Flexible working – is this about to become the norm?
Currently, it is fair to say that the law on flexible working is fairly…well… flexible! It is also fair to say that this area of law is particularly “employer friendly”. But is this about to change?
There is no right for an employee to work flexibly under current UK employment legislation, only a right to request to work flexibly. Provided the employer acts reasonably in dealing with the request and it provides one of the eight business reasons (as set out in statute) why the flexible working request is not to be granted, then it is quite simple for an employer to say “no”. The test is subjective and so long as the employer gives one of the eight reasons, an employee can only challenge the decision if the employer’s view is based on incorrect facts.
Furthermore, the ability to request the flexible working is only available to employees who have 26 weeks’ service and once an employee has made a request, they cannot make another request within the following 52 weeks. Some feel, including Conservative MP Helen Whatley, that this should not be the case and the onus should be placed on the employer to provide more flexibility.
“Flexible working” could can take shape in many different forms. It can describe a place of work, for example homeworking, or a type of contract, such as a temporary contract. Other common variations include part time working, flexitime, working outside the “core hours”, job sharing and shift work.
Under a flexible working Bill introduced by MP Helen Whatley, employers would have to make flexible working a characteristic of all job roles, unless there was a sound business case for why the role could not be carried out in a flexible way. Whatley introduced the Bill in Parliament on 23 July and commented that:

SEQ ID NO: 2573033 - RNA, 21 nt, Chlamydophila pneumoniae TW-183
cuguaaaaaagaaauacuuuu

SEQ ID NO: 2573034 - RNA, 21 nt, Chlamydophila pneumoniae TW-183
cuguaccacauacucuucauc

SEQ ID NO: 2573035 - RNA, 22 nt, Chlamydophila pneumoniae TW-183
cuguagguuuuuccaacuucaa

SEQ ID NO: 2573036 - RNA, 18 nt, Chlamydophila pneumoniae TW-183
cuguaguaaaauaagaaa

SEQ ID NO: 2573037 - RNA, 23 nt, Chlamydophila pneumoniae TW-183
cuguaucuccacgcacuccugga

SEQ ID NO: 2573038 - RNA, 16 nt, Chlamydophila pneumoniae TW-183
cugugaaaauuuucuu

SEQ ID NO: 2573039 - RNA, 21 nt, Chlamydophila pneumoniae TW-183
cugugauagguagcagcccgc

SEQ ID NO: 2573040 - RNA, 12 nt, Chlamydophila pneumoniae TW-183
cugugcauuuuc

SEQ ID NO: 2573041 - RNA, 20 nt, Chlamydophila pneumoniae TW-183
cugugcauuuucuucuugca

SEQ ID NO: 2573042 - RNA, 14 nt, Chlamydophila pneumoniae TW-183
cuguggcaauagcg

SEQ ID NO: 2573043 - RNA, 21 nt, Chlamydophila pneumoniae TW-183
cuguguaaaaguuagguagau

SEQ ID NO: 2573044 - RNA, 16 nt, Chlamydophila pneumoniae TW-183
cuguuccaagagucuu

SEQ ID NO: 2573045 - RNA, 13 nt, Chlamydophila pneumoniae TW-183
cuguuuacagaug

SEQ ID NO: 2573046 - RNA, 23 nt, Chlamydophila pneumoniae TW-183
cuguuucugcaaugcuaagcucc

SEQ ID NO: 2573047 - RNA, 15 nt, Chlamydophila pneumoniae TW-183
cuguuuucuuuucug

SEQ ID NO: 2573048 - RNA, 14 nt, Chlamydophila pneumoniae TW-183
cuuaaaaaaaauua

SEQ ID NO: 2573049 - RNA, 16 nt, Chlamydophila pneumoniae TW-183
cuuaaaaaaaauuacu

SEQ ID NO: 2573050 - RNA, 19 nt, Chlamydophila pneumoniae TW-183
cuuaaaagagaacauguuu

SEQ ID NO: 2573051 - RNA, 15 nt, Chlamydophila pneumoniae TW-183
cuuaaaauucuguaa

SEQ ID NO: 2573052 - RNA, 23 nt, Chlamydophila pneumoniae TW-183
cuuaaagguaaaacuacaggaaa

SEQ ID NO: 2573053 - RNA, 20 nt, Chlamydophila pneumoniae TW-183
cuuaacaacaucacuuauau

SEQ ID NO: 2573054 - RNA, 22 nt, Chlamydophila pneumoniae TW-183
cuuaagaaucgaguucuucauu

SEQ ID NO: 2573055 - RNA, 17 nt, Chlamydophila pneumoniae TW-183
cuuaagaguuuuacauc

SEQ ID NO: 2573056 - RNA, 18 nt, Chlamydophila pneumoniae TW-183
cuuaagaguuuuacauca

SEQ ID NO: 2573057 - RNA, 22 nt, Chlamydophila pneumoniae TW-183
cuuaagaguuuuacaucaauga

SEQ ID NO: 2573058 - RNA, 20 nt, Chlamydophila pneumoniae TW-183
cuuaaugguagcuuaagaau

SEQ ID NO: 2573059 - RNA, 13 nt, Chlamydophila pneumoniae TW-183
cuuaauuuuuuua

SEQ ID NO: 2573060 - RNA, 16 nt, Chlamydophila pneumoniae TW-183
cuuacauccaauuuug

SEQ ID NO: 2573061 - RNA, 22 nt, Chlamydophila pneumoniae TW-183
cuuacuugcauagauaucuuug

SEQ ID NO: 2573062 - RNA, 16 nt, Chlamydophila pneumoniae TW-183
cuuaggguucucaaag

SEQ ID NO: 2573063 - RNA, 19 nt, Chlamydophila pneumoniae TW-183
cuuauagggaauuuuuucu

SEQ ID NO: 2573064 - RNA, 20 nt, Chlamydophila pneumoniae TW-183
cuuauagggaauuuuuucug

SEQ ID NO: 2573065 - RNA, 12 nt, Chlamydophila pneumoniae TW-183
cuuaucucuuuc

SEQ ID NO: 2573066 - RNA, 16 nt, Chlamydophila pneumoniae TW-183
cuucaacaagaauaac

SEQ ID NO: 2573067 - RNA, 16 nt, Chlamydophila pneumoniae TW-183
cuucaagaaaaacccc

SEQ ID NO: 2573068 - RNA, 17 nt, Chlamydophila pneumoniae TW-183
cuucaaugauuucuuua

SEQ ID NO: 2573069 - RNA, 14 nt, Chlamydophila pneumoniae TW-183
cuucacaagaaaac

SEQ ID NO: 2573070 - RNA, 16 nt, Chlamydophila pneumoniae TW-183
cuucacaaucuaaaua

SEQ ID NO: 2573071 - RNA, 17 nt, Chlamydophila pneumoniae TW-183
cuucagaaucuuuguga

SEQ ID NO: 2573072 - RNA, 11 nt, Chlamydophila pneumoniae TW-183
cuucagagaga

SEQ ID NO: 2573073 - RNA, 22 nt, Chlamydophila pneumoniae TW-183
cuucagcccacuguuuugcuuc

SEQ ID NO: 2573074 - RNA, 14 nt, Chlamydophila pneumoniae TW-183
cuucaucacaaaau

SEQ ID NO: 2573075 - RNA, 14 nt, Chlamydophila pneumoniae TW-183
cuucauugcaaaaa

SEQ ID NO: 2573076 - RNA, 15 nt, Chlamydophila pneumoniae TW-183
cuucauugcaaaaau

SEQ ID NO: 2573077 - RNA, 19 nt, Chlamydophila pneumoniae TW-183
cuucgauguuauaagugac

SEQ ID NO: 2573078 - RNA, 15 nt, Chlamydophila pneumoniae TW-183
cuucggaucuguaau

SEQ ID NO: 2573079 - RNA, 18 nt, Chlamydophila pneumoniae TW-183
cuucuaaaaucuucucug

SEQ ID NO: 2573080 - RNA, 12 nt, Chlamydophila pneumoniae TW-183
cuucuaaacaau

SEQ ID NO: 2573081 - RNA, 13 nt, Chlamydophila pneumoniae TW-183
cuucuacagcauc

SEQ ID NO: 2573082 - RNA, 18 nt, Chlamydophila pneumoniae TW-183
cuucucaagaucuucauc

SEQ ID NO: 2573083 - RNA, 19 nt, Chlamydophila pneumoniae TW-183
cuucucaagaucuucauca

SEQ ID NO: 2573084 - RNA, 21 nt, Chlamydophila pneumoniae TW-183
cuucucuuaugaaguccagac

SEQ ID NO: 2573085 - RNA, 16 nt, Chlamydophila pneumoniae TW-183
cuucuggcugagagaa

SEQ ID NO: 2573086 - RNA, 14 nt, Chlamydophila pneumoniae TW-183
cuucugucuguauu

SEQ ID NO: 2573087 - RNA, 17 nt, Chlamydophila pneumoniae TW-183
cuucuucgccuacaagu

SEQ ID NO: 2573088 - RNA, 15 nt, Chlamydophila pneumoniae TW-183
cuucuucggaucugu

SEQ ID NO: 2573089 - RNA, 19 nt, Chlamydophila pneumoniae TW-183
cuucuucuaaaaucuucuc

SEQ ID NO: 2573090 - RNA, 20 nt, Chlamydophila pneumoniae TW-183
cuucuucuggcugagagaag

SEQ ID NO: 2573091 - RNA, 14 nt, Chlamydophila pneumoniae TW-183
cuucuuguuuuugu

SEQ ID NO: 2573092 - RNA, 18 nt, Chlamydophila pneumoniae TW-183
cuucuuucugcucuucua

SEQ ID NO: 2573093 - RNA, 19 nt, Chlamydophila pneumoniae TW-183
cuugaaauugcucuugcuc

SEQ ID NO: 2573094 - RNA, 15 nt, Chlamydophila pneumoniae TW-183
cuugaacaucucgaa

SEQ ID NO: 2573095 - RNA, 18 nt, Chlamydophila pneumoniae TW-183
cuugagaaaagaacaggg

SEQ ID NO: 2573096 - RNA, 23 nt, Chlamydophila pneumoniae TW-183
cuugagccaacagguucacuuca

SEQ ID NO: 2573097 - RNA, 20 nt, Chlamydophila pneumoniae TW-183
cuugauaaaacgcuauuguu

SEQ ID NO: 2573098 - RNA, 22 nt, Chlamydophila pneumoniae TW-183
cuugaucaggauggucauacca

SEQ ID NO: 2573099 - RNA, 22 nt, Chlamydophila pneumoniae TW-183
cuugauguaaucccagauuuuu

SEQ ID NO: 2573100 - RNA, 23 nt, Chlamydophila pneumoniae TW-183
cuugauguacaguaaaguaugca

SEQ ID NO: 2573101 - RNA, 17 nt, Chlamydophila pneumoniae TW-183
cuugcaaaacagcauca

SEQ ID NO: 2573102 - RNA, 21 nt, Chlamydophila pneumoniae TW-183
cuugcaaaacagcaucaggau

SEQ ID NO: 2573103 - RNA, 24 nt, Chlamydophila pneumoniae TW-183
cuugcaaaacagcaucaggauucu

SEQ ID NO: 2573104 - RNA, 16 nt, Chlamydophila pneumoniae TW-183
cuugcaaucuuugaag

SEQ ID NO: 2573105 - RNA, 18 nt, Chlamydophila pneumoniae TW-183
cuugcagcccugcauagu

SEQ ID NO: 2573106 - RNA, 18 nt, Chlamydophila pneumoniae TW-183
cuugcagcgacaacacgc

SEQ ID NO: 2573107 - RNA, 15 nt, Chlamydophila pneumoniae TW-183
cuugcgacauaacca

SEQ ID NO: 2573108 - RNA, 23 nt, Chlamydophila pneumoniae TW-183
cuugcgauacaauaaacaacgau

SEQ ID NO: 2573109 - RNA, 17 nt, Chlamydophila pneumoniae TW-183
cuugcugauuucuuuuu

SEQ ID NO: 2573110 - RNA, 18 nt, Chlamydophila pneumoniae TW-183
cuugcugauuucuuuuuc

“The 40-hour, five-day working week made sense in an era of single-earner households and stay-at-home mums, but it no longer reflects the reality of how many modern families want to live their lives.”
There seems to be a shift in how employees work and a recognition that not all employees can/want to work the standard Monday – Friday, 9am – 5pm job. Businesses are starting to realise that flexible working could be used as a strategic tool to support both the individual (by gaining more loyalty and dedication from them as well as a higher level of job satisfaction) which in turn improves business performance. If this opportunity is not considered, businesses could find themselves limiting their options when it comes to hiring and missing out on good candidates.
It would appear that whilst many businesses are aware of flexible working, more can be done so that businesses can benefit from the advantages it can bring. Businesses would be advised to examine any current barriers to individuals working flexibly and assess whether anything further can be done.
Reverting to MP Helen Whatley’s idea and that firms should introduce flexibility to every job could be a little stretched for some businesses. In our experience, we see flexible working requests are taken a step too far and the employee will request patterns that would be clearly detrimental to the operations of the business. A fair balance seems to be the answer and rather than making flexible working the default, perhaps a stricter test needs to be applied when businesses are considering flexible requests.
Whichever way the law will go on this, our advice still remains that flexible working can bring a diverse and loyal workforce. Being creative and open-minded about flexibility tends to promote trust, provided the appropriate people management systems and processes are in place.
Claire Knowles – Partner
Mark Alaszewski – Associate
Rebecca Mahon – Solicitor
Adam McGlynn – Trainee Solicitor